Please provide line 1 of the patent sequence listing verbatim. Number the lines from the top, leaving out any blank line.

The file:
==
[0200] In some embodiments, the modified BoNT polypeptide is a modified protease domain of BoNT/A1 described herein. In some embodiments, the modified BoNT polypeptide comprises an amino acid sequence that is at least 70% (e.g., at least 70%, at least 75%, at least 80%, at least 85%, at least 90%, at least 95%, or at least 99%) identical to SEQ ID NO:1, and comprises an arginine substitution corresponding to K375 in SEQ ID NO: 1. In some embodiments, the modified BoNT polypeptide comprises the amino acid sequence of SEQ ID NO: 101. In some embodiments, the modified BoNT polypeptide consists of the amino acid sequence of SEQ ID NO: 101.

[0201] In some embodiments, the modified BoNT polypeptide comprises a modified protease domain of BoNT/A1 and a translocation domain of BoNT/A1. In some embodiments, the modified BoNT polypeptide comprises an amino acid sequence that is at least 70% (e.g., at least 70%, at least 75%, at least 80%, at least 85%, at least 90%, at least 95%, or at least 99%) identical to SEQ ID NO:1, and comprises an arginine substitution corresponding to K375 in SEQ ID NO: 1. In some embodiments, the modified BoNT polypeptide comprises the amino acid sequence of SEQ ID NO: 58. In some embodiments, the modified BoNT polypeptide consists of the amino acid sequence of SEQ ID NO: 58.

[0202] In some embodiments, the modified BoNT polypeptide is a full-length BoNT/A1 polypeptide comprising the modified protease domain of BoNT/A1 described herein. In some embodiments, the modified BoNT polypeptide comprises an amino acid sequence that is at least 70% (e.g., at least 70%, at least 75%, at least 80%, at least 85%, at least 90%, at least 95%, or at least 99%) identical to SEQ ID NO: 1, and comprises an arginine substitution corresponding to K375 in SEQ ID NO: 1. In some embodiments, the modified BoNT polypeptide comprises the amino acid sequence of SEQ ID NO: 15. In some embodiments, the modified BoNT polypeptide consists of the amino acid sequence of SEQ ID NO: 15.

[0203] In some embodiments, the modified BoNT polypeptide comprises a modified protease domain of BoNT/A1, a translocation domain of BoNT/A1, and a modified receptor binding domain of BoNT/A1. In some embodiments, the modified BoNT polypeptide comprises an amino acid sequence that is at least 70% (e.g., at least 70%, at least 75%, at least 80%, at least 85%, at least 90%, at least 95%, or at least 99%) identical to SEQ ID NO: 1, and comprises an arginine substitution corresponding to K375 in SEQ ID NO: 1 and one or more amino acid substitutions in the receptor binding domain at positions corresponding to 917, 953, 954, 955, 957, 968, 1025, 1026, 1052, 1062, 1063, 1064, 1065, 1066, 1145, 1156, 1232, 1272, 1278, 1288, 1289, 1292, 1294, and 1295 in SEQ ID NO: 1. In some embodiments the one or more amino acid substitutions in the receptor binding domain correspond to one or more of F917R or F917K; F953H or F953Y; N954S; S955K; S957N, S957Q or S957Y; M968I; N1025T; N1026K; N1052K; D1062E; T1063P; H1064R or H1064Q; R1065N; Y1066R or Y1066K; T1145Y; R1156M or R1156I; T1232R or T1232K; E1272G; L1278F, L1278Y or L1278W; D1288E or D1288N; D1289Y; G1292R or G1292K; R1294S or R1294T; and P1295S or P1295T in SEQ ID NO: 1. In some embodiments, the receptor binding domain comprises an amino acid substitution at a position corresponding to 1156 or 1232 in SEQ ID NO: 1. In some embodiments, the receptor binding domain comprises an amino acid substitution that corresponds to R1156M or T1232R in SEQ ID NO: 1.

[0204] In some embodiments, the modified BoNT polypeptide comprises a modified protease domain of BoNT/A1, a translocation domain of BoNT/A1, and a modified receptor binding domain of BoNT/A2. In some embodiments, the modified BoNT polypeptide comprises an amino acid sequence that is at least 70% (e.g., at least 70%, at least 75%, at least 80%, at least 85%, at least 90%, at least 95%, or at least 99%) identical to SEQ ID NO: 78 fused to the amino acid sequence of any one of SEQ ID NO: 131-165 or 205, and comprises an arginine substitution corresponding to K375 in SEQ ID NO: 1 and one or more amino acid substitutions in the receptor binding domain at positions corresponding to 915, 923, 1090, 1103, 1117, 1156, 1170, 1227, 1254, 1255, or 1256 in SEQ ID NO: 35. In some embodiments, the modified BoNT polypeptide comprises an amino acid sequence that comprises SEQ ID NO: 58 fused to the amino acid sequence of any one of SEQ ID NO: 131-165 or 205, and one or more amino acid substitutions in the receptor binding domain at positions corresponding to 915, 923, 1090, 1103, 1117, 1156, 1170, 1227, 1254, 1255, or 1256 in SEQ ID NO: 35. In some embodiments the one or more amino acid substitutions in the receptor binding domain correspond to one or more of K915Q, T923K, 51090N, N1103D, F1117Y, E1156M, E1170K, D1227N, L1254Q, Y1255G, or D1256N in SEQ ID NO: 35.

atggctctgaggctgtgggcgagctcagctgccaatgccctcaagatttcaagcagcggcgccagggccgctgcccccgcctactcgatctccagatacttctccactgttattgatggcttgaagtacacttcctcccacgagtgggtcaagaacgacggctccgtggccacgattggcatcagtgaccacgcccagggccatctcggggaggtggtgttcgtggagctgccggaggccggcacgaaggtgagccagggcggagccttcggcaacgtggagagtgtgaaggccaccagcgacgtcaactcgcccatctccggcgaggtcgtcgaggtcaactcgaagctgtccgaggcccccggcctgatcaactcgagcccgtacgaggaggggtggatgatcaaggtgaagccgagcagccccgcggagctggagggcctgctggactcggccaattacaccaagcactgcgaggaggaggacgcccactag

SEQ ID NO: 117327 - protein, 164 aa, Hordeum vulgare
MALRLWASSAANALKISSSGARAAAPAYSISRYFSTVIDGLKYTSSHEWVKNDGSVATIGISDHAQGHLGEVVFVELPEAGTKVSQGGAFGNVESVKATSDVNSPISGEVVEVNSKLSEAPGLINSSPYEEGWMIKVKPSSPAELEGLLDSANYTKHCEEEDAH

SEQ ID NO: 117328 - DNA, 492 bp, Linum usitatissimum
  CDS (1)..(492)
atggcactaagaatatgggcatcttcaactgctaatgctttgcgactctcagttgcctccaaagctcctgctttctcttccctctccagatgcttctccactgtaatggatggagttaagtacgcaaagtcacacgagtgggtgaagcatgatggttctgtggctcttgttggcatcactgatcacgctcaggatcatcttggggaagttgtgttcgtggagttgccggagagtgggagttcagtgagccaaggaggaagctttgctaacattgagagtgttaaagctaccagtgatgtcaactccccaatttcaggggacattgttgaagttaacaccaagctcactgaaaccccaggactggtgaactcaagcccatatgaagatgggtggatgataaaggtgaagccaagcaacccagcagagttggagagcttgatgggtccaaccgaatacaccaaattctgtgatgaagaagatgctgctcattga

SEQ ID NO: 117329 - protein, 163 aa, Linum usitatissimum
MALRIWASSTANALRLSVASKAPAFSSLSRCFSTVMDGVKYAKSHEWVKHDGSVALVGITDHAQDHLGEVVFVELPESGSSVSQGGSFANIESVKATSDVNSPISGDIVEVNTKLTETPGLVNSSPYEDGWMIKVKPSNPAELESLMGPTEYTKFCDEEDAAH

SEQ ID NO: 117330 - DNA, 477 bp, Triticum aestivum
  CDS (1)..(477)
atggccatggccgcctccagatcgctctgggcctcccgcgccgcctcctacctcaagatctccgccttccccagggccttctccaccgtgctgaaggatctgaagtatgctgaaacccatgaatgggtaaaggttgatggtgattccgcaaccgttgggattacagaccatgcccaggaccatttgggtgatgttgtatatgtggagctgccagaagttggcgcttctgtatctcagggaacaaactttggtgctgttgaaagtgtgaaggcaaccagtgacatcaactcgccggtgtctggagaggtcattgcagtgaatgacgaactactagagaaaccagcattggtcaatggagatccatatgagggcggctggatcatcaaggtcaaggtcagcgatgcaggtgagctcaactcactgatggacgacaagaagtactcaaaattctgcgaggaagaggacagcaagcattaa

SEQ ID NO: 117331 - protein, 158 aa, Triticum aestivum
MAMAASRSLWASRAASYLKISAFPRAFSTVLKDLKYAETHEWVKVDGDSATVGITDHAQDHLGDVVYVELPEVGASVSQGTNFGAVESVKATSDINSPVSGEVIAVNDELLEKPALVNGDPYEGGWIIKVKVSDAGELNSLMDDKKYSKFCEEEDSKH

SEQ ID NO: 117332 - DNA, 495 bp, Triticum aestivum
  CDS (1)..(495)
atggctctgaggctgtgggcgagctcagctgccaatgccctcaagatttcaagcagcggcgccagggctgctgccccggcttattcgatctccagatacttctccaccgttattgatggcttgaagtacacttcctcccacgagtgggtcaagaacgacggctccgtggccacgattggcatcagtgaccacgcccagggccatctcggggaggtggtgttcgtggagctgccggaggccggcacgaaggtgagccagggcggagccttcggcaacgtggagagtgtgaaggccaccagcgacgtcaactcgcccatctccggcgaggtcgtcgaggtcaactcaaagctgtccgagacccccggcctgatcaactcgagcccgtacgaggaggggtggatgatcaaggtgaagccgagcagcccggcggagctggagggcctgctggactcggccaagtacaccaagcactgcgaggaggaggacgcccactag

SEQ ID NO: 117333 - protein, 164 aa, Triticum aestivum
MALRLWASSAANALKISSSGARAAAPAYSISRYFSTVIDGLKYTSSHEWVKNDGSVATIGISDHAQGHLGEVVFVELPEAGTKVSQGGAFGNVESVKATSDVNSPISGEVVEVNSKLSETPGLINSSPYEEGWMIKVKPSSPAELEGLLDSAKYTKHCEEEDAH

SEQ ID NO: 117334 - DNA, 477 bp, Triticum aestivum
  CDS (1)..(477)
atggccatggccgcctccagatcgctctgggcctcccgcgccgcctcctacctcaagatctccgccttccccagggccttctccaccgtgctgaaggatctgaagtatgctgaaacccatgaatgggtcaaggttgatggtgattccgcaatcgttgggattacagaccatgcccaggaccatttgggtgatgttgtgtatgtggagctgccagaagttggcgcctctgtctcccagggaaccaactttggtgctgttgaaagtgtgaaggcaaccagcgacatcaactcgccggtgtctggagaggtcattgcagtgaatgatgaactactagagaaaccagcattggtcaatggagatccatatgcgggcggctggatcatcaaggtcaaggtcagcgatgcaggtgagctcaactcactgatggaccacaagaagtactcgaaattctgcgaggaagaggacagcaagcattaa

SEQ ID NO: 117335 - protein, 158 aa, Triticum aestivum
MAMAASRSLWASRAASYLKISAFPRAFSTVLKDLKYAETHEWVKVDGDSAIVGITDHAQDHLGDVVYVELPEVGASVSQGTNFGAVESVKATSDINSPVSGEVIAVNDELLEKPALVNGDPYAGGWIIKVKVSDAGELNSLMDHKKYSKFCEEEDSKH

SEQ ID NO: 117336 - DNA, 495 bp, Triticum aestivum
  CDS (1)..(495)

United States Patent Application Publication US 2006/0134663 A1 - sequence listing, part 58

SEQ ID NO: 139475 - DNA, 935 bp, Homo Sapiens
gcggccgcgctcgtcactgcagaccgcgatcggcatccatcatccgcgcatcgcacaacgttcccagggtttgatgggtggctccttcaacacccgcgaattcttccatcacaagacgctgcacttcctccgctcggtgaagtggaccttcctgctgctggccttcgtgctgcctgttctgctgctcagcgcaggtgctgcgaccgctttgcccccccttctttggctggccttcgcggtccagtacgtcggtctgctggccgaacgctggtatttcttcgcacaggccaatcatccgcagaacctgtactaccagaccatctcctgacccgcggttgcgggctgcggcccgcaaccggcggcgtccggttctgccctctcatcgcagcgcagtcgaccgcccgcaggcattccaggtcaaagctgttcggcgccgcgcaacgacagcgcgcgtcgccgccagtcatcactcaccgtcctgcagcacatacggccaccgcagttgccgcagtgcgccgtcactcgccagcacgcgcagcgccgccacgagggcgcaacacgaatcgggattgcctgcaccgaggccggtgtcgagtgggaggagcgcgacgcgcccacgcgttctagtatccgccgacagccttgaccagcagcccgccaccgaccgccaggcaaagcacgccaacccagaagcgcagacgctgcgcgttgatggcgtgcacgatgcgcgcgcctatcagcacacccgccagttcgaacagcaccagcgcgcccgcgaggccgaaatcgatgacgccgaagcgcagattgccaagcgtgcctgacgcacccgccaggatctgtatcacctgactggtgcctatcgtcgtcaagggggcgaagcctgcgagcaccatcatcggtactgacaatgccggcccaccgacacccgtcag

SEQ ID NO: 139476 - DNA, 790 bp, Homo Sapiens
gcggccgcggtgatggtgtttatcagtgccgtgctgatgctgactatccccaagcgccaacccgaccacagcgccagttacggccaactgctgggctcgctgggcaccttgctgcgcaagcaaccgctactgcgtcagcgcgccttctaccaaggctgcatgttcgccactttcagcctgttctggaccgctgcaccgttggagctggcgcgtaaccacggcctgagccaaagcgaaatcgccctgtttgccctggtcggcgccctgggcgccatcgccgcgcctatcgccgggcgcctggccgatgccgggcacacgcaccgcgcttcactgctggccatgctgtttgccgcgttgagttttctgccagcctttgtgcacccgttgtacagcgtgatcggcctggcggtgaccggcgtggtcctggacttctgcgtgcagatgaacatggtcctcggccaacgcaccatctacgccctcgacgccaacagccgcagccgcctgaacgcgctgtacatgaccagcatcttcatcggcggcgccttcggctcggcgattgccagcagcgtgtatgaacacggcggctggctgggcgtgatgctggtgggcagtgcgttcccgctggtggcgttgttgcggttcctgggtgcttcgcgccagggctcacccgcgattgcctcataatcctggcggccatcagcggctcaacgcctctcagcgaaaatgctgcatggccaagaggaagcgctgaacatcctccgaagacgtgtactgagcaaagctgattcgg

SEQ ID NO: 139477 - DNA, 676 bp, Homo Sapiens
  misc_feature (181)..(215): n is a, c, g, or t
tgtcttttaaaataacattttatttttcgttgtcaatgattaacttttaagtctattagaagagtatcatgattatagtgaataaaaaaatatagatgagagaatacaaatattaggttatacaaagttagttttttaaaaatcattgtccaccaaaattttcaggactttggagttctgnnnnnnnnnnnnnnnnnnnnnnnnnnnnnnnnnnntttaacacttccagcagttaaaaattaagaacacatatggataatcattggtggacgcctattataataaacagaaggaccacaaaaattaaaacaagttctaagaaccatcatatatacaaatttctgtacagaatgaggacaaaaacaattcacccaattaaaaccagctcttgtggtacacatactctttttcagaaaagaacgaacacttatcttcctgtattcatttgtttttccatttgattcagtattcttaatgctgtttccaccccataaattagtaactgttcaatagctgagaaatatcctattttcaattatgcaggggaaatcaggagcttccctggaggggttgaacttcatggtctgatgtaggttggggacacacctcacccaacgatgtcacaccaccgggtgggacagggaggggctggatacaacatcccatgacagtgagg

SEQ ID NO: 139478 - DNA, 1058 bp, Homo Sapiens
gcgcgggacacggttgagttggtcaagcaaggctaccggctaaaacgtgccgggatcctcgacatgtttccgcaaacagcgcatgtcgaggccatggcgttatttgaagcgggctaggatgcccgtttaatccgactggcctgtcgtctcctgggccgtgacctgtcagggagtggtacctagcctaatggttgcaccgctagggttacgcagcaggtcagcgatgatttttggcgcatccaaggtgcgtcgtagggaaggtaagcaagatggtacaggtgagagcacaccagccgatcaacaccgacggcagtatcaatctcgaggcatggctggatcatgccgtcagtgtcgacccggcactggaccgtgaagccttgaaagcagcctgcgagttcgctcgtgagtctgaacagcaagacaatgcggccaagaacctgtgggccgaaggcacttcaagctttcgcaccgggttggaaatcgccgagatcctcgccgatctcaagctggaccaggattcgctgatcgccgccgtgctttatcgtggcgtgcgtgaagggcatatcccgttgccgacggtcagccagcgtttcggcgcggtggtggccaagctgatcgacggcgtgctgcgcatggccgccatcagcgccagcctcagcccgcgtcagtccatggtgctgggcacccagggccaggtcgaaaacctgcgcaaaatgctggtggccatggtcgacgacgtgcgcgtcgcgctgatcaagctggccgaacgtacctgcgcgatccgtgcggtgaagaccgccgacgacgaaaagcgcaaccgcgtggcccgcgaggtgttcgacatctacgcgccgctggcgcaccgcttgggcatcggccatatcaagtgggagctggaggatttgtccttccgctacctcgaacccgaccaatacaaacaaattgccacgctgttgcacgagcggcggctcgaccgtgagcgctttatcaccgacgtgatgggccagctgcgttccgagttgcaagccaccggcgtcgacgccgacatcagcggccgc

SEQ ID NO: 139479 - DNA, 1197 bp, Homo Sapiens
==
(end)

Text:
[0200] In some embodiments, the modified BoNT polypeptide is a modified protease domain of BoNT/A1 described herein. In some embodiments, the modified BoNT polypeptide comprises an amino acid sequence that is at least 70% (e.g., at least 70%, at least 75%, at least 80%, at least 85%, at least 90%, at least 95%, or at least 99%) identical to SEQ ID NO:1, and comprises an arginine substitution corresponding to K375 in SEQ ID NO: 1. In some embodiments, the modified BoNT polypeptide comprises the amino acid sequence of SEQ ID NO: 101. In some embodiments, the modified BoNT polypeptide consists of the amino acid sequence of SEQ ID NO: 101.